To remove the module, the switch actuator is turned off and the cam actuator is moved in its retraction direction. This causes the switch guard to move into its safe position to prevent the switch actuator from being turned on; simultaneously the latching element on the actuator engages a disengagement surface on the unit to drive the module away from the unit thus disconnecting the electrical connectors.

The switch guard is preferably spring biased against the camming surface of the actuator so to keep the actuator biased in its insertion direction. This helps to prevent inadvertent disconnection of the electrical connectors. This feature is especially useful to keep the electronic module fully engaged with the electrical unit even during transport.

The invention provides a source of safety by keeping the user from inserting or withdrawing the module when the power switch actuator is on. Movement of the switch guard occurs simultaneously with the locking action of the latching element of the actuator engaging the interlock surface of the electrical unit so that the entire sequence occurs with one simple, preferably rotary, movement of the actuator.

The actuator preferably includes a central finger opening and a radially extending thumb drive surface which aid the user in manipulating the actuator. The actuator permits the user to have positive control over both the rotary movement of the actuator and the movement of the electronic module into and out of the electrical unit. The invention thus eliminates the need for a separate handle which would otherwise be needed to pull the electronic module from the electrical unit and push the electronic module into the electrical unit.

The module may be removed by simply first turning off the power switch actuator, and then rotating the cam actuator. Doing the latter both lifts the switch guard, to partially cover the toggle type power switch actuator, and simultaneously pulls the electronic module away from the electrical unit thus disconnecting the electrical connectors. Similarly, final insertion of the electronic module takes place with a single rotary motion of the actuator which simultaneously permits the switch guard plate to lower, thus exposing the switch, and engages the interlock surface of the electrical unit so to drive the electronic module into the electrical unit, thus mating the electrical connectors.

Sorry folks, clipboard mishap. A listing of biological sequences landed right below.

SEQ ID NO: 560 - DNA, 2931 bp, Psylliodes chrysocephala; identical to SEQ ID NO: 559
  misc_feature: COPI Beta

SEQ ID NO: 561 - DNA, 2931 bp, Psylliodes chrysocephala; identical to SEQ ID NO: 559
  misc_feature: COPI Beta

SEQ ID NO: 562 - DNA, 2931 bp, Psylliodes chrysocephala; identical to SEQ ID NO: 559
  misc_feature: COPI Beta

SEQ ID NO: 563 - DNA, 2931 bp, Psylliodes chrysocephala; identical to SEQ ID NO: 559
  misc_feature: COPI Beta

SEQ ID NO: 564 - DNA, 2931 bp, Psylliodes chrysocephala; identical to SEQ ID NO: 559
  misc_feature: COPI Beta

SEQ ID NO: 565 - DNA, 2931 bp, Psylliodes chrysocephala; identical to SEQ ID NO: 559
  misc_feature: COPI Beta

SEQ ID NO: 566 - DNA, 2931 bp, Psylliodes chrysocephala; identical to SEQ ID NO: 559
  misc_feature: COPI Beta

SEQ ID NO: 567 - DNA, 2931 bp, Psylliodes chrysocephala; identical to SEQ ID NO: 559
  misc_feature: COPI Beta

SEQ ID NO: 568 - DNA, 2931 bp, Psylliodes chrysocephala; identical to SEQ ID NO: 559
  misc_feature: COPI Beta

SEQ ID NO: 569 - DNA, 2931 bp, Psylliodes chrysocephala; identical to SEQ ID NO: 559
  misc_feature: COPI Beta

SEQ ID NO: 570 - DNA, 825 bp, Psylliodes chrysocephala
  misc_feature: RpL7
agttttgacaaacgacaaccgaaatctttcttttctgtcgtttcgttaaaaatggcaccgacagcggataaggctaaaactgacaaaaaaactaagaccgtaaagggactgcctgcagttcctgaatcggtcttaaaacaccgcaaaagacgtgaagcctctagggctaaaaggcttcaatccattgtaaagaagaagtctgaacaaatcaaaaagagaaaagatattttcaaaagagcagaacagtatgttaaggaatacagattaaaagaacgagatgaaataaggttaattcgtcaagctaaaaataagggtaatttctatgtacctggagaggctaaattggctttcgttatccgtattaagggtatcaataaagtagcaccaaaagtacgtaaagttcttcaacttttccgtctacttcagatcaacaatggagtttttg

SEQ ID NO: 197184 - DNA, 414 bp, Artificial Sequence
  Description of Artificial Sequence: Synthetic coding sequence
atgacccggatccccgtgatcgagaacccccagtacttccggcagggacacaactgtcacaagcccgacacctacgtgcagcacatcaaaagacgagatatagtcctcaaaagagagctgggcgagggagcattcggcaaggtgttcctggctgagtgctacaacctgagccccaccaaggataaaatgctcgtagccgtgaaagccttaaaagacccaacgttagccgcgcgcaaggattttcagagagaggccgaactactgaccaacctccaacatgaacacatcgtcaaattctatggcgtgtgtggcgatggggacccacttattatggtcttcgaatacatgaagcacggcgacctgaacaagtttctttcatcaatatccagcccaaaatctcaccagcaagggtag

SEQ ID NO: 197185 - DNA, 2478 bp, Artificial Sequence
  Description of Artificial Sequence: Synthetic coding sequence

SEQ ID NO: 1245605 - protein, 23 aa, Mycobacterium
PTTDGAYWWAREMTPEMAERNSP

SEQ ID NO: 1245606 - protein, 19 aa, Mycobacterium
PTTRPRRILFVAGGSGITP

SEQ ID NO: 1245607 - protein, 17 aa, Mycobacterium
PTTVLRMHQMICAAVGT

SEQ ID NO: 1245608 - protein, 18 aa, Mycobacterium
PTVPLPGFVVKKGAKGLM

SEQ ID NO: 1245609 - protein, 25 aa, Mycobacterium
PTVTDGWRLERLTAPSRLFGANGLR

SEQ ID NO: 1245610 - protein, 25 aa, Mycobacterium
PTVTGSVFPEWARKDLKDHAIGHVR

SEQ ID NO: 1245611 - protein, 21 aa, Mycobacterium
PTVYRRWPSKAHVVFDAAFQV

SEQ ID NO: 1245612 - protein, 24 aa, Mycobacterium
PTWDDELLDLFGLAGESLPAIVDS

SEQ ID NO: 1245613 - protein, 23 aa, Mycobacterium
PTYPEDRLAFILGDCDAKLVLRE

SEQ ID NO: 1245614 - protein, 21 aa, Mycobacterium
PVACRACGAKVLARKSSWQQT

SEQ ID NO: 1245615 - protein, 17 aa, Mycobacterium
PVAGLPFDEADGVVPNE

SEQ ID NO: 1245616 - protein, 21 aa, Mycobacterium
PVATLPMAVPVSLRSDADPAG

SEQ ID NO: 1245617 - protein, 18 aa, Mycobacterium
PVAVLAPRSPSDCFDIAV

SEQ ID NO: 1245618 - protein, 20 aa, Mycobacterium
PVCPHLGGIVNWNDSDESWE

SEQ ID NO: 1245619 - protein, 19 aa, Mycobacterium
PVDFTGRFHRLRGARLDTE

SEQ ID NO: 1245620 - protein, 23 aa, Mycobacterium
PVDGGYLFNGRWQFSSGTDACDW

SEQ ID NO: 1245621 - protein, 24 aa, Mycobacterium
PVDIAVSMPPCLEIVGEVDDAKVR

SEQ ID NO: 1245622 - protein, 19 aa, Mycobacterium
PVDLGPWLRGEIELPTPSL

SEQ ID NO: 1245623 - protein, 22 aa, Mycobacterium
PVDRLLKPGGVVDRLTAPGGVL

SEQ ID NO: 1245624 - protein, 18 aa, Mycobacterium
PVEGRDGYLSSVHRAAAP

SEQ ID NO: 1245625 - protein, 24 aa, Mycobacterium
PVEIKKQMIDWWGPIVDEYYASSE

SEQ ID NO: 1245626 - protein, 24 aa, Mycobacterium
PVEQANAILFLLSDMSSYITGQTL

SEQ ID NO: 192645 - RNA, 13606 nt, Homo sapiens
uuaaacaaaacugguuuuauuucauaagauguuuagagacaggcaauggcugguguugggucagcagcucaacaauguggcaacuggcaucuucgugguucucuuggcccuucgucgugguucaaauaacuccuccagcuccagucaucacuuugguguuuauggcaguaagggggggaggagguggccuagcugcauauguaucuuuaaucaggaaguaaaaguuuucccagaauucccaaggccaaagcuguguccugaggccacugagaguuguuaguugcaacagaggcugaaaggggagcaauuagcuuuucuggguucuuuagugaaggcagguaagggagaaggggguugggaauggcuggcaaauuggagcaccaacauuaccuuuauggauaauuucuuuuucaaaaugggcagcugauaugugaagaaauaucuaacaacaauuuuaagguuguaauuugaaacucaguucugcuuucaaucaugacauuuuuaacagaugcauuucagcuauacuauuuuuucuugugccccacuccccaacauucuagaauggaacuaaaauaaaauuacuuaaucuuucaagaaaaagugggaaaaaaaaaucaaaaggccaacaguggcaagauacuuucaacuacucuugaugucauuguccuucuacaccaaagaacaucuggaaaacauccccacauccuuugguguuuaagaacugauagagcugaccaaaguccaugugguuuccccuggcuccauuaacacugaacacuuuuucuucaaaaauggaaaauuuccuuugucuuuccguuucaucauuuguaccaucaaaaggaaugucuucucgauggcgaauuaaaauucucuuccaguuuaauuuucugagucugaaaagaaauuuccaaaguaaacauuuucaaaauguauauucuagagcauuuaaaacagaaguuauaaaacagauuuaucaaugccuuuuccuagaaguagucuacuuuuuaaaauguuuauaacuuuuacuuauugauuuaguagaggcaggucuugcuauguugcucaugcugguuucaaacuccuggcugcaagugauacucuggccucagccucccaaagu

The invention is relatively simple in construction and requires very few modifications to existing electrical unit designs. The camming surface is configured to accommodate tolerance build up. The final portion of the camming surface, designed to contact the spring biased switch guard plate when the cam actuator has been fully rotated in the insertion rotary direction, is sized to take up any slack caused by tolerance build-up in both the electronic module and the electrical unit.

Other features and advantages of the invention will appear from the following description in which the preferred embodiment has been set forth in detail in conjunction with the accompanying drawings.

BRIEF DESCRIPTION OF THE DRAWINGS

FIG. 1 is an isometric view showing the electronic module interlock and extraction mechanism mounted to an electronic module shown relative to an electrical unit with the power switch off.

FIG. 2 is an exploded isometric view of the interlock and extraction mechanism of FIG. 1.

FIG. 3 is a cross-sectional view of the interlock and extraction mechanism of FIG. 1 with the power switch on.

FIGS. 4A and 4B are simplified side views of the interlock and extraction mechanism of FIG. 1. The actuator is rotated in the insertion direction and the switch guard is in the working position of FIG. 4A. The actuator is rotated in the retraction direction and the switch guard is moved to its safe position in FIG. 4B.

DETAILED DESCRIPTION OF THE PREFERRED EMBODIMENT